“Water, water, everywhere…Nor any drop to drink.” So said Coleridge’s ancient mariner about dying of thirst on a languishing ship, surrounded by the salt sea. I feel that way sometimes about data. In lean economic times, we want to capitalize on every resource we can find but the data that surrounds us seems unusable. It’s been estimated that 80 percent of vital business information resides in unmanaged repositories, making effective utilization nearly impossible.
Before I get e-mail messages from grammar wonks-always a danger when I start with a poetry reference-I say “utilize” instead of “use” deliberately. Before the data can be used, we have to bring it from its unusable state to a usable state. Just as we must desalinate seawater in order to drink it, we must increase data’s utility before we consume it. Let’s look at three tasks you can do to improve the utility of your data, as well as the three types of related projects that can help you in lean economic times.
Task No. 1: Clean the data
As with water, cleanliness improves things everywhere you use data. If you want to increase revenue by maximizing campaign effectiveness, you may want to segment your data better-but target selection can be tough when you have titles such as “Chief info officer” or “Integratoin mgr” instead of correctly spelled and standardized titles.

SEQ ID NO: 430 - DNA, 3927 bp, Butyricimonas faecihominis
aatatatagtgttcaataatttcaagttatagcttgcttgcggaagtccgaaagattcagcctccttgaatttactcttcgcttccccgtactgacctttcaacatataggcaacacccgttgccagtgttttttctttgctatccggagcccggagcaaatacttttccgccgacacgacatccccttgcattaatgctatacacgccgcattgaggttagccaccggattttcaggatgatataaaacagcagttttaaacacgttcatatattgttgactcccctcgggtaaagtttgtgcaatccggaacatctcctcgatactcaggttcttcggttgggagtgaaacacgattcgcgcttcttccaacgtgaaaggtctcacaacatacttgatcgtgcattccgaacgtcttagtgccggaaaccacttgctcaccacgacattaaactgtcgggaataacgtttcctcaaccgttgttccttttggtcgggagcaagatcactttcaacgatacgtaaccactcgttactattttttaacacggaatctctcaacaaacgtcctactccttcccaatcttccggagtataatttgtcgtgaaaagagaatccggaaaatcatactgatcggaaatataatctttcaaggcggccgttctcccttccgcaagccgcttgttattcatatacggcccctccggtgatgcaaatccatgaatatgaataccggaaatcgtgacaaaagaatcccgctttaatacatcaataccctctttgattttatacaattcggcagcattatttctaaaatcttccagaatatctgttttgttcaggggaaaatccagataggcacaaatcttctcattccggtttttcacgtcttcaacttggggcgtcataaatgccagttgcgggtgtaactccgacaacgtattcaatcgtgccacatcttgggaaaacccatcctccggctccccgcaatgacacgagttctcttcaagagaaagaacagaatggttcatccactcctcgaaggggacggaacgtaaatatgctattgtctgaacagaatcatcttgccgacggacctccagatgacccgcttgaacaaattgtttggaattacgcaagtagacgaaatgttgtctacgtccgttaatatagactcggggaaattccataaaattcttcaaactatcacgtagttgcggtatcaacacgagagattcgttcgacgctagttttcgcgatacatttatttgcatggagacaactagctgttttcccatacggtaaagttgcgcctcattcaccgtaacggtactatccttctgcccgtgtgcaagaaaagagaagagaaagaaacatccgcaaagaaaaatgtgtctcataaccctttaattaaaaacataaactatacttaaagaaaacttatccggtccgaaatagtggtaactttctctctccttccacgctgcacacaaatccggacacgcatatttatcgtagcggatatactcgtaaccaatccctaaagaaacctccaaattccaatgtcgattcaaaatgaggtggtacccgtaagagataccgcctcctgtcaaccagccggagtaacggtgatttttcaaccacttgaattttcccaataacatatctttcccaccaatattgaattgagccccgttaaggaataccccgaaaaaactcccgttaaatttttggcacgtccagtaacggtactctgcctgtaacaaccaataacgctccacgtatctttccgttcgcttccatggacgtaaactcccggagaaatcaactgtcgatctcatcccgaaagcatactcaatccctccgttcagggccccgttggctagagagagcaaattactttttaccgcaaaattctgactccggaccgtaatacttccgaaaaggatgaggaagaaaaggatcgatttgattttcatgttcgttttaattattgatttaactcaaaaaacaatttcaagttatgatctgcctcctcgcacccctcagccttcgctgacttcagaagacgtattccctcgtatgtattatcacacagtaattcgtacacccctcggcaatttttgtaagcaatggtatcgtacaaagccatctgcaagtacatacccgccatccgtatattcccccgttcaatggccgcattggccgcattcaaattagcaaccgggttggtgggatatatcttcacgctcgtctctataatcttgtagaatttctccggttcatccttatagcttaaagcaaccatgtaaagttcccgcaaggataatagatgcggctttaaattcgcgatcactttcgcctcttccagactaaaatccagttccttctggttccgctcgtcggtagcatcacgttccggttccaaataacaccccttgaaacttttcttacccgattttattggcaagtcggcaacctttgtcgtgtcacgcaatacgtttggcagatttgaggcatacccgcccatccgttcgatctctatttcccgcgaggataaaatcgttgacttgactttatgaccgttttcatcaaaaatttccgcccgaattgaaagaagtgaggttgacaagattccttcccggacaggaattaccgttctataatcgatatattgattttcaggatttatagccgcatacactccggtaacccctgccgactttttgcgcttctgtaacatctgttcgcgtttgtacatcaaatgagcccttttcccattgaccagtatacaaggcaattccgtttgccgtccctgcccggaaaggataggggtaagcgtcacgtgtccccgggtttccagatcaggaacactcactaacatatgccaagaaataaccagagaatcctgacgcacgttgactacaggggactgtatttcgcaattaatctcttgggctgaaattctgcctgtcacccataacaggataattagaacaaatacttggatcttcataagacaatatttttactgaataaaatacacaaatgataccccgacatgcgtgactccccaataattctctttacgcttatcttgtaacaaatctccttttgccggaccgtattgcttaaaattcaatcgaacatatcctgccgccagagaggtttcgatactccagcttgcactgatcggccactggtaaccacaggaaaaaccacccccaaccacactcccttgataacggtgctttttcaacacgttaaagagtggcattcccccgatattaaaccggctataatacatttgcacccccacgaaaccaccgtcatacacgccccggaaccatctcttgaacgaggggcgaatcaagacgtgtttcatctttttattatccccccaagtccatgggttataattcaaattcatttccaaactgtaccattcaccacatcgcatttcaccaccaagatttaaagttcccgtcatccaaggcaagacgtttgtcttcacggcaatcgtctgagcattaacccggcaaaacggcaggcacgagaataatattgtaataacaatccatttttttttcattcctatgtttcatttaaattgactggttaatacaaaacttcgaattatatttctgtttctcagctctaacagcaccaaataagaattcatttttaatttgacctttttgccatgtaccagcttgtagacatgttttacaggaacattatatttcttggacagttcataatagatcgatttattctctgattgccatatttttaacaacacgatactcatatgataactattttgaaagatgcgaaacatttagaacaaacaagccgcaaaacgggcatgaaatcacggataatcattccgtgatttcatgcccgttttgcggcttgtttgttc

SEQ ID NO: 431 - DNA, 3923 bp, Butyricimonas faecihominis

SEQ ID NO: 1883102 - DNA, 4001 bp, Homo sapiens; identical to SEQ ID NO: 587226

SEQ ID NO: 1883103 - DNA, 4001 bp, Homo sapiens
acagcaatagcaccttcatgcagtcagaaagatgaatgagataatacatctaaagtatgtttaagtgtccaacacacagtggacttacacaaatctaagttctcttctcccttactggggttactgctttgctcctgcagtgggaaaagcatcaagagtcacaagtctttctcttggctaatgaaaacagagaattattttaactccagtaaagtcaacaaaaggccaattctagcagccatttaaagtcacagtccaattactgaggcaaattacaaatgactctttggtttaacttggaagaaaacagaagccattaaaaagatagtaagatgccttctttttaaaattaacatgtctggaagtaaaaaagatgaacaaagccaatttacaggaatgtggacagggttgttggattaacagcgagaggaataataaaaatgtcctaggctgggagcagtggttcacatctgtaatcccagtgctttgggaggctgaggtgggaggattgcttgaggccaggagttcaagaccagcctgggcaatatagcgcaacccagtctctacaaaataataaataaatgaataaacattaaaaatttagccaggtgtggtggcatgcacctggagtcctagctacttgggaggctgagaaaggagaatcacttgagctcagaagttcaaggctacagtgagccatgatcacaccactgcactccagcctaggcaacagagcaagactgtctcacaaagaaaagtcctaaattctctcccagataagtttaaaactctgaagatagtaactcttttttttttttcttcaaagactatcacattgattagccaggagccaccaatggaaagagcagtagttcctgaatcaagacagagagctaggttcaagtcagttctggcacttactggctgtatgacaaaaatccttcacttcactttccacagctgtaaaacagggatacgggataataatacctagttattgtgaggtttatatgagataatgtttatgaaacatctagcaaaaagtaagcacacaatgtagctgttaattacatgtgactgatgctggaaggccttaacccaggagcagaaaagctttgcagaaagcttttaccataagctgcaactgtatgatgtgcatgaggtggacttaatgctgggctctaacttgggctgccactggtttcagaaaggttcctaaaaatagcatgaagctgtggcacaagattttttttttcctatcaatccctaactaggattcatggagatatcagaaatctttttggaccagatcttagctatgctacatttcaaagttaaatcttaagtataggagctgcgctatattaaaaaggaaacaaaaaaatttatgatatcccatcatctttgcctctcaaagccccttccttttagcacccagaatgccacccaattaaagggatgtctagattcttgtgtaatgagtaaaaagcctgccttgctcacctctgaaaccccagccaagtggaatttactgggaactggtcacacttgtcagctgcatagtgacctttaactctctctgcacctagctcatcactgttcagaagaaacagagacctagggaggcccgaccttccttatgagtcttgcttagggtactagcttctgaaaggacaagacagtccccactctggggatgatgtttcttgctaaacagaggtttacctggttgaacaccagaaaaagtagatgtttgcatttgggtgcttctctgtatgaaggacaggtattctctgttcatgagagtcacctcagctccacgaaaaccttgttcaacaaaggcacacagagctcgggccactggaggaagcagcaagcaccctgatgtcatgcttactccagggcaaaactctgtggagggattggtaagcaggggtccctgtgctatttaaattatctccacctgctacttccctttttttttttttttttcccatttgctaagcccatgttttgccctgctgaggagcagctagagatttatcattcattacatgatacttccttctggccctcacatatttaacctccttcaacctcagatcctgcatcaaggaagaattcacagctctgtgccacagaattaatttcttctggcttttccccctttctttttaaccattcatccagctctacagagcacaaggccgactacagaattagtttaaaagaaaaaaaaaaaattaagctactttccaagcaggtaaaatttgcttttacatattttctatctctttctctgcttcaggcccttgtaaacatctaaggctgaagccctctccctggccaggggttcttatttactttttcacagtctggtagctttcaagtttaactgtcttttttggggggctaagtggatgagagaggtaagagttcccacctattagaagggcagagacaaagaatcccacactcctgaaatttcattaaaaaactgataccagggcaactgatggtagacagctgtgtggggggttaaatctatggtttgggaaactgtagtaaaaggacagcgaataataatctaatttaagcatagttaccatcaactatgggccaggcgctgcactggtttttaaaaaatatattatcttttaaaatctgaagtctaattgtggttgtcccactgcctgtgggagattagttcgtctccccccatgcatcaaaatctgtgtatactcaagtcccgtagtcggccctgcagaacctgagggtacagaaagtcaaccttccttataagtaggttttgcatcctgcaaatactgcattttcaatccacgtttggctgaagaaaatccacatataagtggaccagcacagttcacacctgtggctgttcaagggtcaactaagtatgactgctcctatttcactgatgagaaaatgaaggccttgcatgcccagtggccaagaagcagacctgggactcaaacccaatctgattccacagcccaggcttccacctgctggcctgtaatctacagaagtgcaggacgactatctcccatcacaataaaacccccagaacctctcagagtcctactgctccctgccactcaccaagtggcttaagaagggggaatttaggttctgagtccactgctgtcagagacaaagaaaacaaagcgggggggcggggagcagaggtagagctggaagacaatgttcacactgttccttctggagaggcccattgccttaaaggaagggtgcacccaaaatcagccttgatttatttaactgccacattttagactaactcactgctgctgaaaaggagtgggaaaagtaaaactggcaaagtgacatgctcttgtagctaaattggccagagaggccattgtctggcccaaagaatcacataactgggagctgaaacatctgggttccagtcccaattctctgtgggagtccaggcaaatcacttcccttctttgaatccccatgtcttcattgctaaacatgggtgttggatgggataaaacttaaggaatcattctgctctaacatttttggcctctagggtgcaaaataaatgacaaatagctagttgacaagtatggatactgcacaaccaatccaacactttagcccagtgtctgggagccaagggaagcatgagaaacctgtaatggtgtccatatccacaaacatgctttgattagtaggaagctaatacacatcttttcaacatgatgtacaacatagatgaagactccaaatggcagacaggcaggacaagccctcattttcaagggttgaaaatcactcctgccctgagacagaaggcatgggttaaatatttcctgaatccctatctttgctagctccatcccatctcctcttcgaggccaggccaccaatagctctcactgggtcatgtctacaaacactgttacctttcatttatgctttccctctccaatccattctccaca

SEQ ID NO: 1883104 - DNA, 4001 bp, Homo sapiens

If you want to cut costs, you can start by deduplicating the mailing addresses of your catalog recipients. If you want to avoid the “float” of your billing, clean your address data to ensure that clients receive their bills as quickly as possible.
Integrate the Data
Task No. 2: Integrate the data
To make data more valuable, make more data available. By that I don’t mean you should seek a “single version of the truth” through long and costly data warehouse projects. After all, people only care about their version of the truth, not the varying “single” versions stored in three or four “enterprise” data warehouses.
Instead, look for business priorities that would benefit from small-scale, real-time integration, and use best practices in interface design to implement them.
Task No. 3: Cross-reference the data
As you get better at identifying projects that will have a significant impact, you’ll see the need for the same kinds of information over and over again (for example, patient or medical equipment information for healthcare and part or logistics information for manufacturers). By identifying systems of record with accurate and up-to-date information in them (the so-called “master data”) and consistently referring to them in integration projects, you can increase efficiency, decrease programming time and improve quality in nearly every process in your organization.
This process, called master data management (MDM), is relatively advanced and shows up under other names such as customer data integration (CDI) as well. These three topics can be combined, with others, under the umbrella term enterprise information management (EIM).
Using EIM to Realize Immediate Impact
Using EIM to Realize Immediate Impact
Over the long haul, EIM can support customer service and regulatory compliance, help companies identify new marketing opportunities, improve processes, and even detect fraud. But in the short term, I’ve outlined three key strategies in which companies can use EIM to realize immediate impact, while laying the foundation for a larger, more robust information management system in the future.
Strategy No. 1: Delay ERP projects